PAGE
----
Value for money is Chelmsford test

A TOTAL of 168 candidates are in the battle to gain seats on Chelmsford Borough Council in May's local elections.Because of boundary changes, 57 places on the council – across 24 wards – are being fought, with each being contested.

By Roddy Ashworth

A TOTAL of 168 candidates are in the battle to gain seats on Chelmsford Borough Council in May's local elections.

Because of boundary changes, 57 places on the council – across 24 wards – are being fought, with each being contested.

The council is currently run by a Liberal Democrat administration, kept in place by a coalition with three independent members.

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The Conservatives are keen to try to stop the Lib Dems from controlling the council, while the Lib Dems in turn want to gain a majority in their own right – to which end they only need two seats.

Meanwhile Labour is ready to do deals if there is no overall majority after the poll, while wanting to increase its presence in the chamber, where the party has just six members.

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Chelmsford counts itself as a major manufacturing, technological and commercial centre with a large labour market. But many within the borough are actually commuters who vanish off to London in the morning and return in the evening.

The area has low unemployment, even when compared to the rest of Essex. Just 1.6% of the workforce is looking for work as against 2.5% nationally.

More than 75% of the borough's 59,000 homes are owner-occupied, and 17% of the population is educated to at least diploma level.

The Tories' assault in this election centres around their accusation that the Lib Dem/Independent administration costs the electorate more than it should. The Conservatives allege the council wastes £350,000 every year, money that could be saved by reducing bureaucracy, cutting expenditure by changing purchasing policies and publishing fewer glossy brochures.

They also promise to ensure refuse is collected on time, increase planning enforcement and to get tough on dog owners whose pets foul public areas.

Opposing the construction of a housing development in Boreham, the Tories say they will work for more affordable homes and promote recycling. More disabled parking spaces, more street-lighting, extra CCTV and more co-operation with the police will result in reducing the fear of crime in the area.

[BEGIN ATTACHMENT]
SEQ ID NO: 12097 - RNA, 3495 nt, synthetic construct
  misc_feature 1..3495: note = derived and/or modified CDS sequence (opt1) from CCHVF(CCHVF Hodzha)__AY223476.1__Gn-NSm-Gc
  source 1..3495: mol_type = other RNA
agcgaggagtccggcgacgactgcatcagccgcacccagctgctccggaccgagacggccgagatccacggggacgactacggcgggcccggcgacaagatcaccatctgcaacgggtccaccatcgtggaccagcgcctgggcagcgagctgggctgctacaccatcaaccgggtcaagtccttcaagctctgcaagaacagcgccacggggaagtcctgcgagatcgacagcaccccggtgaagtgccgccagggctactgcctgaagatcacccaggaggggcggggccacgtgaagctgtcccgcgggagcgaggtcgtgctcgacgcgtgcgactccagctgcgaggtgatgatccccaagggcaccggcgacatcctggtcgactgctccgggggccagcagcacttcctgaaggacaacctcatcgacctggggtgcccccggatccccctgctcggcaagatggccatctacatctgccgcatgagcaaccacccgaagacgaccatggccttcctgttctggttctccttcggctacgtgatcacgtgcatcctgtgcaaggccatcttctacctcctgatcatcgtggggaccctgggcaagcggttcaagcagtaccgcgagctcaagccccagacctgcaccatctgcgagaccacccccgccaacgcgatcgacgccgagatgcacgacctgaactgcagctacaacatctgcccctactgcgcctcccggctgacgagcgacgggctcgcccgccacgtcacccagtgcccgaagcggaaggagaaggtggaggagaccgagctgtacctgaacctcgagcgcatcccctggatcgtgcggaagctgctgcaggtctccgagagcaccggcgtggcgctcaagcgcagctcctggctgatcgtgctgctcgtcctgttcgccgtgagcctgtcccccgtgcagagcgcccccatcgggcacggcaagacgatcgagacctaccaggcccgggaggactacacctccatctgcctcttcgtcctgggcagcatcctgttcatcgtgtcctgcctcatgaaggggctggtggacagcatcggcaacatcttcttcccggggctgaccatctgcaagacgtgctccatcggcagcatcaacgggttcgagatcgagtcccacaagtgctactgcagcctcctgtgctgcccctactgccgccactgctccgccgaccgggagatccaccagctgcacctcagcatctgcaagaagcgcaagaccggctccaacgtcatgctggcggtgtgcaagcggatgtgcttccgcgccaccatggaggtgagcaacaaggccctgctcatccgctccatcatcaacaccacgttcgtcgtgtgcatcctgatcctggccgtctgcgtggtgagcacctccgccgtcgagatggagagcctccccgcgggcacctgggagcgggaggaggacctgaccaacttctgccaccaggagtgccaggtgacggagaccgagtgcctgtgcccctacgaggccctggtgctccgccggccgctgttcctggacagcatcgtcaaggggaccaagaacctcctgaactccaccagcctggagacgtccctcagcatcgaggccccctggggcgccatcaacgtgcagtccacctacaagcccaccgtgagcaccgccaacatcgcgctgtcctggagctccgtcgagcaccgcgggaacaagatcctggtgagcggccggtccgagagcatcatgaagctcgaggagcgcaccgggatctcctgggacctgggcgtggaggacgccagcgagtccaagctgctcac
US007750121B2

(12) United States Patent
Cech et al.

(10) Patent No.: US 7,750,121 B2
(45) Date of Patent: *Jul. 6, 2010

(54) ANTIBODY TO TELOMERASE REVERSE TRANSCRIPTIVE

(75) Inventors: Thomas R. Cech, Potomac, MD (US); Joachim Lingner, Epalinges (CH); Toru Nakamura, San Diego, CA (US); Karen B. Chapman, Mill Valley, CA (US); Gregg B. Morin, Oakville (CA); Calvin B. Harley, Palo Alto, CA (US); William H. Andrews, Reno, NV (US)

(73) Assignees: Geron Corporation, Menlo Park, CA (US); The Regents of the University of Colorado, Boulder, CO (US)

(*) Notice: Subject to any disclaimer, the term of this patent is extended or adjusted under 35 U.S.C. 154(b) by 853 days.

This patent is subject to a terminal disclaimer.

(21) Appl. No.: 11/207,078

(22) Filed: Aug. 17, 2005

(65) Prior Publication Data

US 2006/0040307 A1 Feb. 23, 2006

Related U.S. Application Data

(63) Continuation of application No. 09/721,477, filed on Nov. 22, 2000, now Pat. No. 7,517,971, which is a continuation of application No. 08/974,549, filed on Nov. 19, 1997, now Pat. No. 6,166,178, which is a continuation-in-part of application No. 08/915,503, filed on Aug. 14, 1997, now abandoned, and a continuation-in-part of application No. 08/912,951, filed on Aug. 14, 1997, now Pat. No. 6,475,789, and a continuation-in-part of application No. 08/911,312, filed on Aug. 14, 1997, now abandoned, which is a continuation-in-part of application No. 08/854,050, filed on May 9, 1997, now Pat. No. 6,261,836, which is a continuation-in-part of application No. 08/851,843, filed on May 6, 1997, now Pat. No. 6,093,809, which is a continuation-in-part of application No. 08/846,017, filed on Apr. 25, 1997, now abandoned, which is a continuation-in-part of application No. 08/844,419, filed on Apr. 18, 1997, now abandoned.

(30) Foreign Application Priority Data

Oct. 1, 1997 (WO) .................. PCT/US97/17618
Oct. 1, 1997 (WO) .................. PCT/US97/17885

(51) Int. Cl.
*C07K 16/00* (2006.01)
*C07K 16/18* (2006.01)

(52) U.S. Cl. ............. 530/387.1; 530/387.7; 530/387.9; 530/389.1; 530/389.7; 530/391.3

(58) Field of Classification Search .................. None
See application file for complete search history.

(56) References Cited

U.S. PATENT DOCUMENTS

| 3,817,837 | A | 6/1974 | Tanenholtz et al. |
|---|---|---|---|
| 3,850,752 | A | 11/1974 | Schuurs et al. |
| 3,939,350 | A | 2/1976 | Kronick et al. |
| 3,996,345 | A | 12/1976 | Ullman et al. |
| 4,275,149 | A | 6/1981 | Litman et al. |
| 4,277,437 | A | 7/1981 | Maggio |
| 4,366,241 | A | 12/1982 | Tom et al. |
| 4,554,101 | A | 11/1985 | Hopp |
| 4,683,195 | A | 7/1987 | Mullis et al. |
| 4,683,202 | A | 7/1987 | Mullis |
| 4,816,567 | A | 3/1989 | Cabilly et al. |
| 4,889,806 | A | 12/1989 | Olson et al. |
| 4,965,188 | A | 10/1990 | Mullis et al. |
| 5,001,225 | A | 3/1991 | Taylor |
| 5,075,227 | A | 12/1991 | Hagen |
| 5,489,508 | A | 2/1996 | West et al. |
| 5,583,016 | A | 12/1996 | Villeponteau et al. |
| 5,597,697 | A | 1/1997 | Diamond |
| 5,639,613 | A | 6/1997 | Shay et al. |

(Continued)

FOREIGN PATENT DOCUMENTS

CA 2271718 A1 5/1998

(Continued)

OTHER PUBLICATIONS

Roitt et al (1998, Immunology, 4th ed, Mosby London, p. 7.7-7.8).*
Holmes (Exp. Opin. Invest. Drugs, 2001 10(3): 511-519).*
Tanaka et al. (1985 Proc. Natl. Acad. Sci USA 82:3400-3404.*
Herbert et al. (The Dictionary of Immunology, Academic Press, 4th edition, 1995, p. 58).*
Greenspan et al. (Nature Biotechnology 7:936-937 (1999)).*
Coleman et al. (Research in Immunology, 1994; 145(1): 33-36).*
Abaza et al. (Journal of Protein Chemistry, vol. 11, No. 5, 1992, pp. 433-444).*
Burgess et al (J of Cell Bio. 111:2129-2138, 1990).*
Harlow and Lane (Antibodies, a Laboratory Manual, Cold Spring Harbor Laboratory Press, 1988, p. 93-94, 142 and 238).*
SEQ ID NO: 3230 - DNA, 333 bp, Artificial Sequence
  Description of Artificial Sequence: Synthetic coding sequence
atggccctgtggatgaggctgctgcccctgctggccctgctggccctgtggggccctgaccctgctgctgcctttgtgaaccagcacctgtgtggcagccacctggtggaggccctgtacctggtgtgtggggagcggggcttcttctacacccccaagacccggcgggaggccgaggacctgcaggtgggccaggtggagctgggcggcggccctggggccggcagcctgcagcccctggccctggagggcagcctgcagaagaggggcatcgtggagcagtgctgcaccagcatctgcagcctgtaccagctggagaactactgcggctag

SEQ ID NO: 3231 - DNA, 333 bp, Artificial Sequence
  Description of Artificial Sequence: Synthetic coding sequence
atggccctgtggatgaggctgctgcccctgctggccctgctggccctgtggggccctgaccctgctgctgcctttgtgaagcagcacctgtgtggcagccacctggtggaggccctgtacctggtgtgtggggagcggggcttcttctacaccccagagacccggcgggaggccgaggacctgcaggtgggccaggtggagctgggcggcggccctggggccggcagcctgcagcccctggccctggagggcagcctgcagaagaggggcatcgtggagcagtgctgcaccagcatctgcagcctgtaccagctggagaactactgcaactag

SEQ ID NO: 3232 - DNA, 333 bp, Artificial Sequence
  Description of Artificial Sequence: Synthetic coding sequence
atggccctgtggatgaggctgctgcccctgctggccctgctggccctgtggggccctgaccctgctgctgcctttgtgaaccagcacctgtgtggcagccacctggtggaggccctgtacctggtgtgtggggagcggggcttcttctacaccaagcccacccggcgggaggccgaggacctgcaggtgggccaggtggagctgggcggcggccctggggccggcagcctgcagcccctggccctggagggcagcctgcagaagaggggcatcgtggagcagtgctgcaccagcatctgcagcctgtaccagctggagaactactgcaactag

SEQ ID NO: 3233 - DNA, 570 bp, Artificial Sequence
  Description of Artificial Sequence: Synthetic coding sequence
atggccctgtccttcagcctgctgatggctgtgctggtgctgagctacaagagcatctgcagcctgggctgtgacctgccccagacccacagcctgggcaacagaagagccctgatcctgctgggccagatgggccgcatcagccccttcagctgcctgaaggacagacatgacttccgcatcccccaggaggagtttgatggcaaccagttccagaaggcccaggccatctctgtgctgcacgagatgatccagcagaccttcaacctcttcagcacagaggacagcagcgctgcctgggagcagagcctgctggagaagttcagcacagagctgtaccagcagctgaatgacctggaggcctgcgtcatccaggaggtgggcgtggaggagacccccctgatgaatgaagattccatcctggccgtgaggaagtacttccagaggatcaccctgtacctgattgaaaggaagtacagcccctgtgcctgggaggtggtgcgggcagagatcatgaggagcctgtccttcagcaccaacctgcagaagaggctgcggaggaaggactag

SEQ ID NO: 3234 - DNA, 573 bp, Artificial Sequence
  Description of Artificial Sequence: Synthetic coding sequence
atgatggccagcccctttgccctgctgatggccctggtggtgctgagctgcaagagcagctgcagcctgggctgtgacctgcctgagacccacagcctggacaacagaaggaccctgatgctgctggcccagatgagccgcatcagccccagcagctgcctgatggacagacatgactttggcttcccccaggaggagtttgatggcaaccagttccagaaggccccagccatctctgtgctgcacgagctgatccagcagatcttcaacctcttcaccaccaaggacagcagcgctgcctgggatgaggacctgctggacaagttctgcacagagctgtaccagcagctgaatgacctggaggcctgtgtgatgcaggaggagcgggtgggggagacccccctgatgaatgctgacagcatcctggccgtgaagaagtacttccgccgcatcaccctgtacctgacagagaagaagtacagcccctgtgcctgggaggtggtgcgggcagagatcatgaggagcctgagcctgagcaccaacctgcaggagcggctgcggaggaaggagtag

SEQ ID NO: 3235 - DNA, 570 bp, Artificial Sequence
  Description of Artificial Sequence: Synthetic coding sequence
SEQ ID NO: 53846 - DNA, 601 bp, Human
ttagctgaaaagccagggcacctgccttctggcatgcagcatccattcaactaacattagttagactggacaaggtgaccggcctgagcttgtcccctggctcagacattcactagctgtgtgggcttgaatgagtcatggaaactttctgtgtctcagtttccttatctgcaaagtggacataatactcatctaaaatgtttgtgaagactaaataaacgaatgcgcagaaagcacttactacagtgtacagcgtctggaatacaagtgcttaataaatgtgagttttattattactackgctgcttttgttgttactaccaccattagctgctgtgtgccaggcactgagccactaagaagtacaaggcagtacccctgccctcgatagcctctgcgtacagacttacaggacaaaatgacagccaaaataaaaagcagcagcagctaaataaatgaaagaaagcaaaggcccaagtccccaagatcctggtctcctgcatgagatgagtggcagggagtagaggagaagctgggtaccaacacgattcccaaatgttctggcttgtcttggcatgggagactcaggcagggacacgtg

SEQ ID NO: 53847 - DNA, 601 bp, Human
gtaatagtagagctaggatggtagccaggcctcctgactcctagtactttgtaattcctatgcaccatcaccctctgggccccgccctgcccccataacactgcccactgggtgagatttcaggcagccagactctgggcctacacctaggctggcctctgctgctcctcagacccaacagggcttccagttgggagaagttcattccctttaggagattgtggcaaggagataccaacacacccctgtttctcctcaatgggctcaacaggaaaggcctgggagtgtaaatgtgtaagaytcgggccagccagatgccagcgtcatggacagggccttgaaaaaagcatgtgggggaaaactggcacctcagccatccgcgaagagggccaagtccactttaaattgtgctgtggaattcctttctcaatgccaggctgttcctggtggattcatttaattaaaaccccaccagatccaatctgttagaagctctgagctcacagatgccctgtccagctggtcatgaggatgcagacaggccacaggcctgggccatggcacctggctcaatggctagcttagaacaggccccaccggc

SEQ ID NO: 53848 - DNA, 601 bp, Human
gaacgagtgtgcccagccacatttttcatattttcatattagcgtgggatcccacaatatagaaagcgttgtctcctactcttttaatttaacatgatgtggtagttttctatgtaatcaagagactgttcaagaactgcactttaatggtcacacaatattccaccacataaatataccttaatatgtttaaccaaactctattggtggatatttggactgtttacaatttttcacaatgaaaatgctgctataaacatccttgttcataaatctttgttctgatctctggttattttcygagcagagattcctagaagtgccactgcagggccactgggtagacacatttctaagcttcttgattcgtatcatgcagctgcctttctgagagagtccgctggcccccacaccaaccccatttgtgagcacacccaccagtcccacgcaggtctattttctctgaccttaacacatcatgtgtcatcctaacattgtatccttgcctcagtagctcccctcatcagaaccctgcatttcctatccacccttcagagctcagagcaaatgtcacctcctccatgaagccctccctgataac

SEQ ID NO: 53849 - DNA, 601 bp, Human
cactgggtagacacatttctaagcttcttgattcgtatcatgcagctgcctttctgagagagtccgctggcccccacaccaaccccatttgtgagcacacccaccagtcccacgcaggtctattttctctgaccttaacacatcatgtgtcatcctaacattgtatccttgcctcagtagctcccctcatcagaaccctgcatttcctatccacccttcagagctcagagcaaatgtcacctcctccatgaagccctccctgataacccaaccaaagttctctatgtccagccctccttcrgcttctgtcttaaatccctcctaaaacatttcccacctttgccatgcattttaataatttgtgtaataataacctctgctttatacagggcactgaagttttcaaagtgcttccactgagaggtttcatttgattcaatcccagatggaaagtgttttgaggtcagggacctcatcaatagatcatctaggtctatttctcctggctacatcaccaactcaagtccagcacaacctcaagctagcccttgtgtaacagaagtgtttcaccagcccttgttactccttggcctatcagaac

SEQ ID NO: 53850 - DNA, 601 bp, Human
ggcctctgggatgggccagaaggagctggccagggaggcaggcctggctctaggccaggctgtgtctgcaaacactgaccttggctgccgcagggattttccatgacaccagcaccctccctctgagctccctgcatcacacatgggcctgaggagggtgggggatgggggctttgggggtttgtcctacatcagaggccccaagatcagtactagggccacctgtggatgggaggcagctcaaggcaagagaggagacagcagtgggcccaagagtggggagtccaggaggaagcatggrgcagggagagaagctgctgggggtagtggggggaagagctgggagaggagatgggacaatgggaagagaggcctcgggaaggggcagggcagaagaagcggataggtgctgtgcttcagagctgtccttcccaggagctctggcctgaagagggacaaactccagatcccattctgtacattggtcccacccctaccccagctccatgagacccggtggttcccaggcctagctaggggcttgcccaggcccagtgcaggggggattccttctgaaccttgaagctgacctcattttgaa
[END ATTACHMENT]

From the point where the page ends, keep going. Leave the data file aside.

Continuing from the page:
However, the Lib Dems insist the borough costs less with them. They point out that the borough's recent council tax rise – 3.3% – was the lowest-but-one in Essex, compared with rises of 12.3% in Colchester and 13.3% in Brentwood, both of which are controlled by the Lib Dems also.

They are promising to work with their partners to make Chelmsford even better. They work tackle litter hot spots, plant more trees and extend kerbside recycling in the area. They also promise to prepare a development scheme for a performing arts centre, provide a swimming pool for South Woodham Ferrers and create a new visual arts centre.

They vow to introduce park-and-ride, increase the size of the cycle network and introduce more speed reduction systems in both urban and rural areas.

Like the Tories, the Lib Dems also promise more affordable housing, provide young people with more opportunities to participate fully in the community and work with the police and other agencies to prevent crime and promote law and order.

Labour criticises the Lib Dems for spending on cultural projects such as restoring Hylands House. They claim the proposed new arts centre would cost £30 million to deliver and that the new swimming pool will cost the borough £190,000 a year for 20 years.

Labour activists in Chelmsford promise to introduce community wardens to deal with low-level crime and become the 'eyes and ears' of the police.

They also vow to improve pavements and safer roads along with better parking facilities on local estates.

If elected, more bus and ride sites would be introduced, they say, and a special discount card scheme would be introduced to allow young people, pensioners and the disabled cheaper access to sporting facilities.

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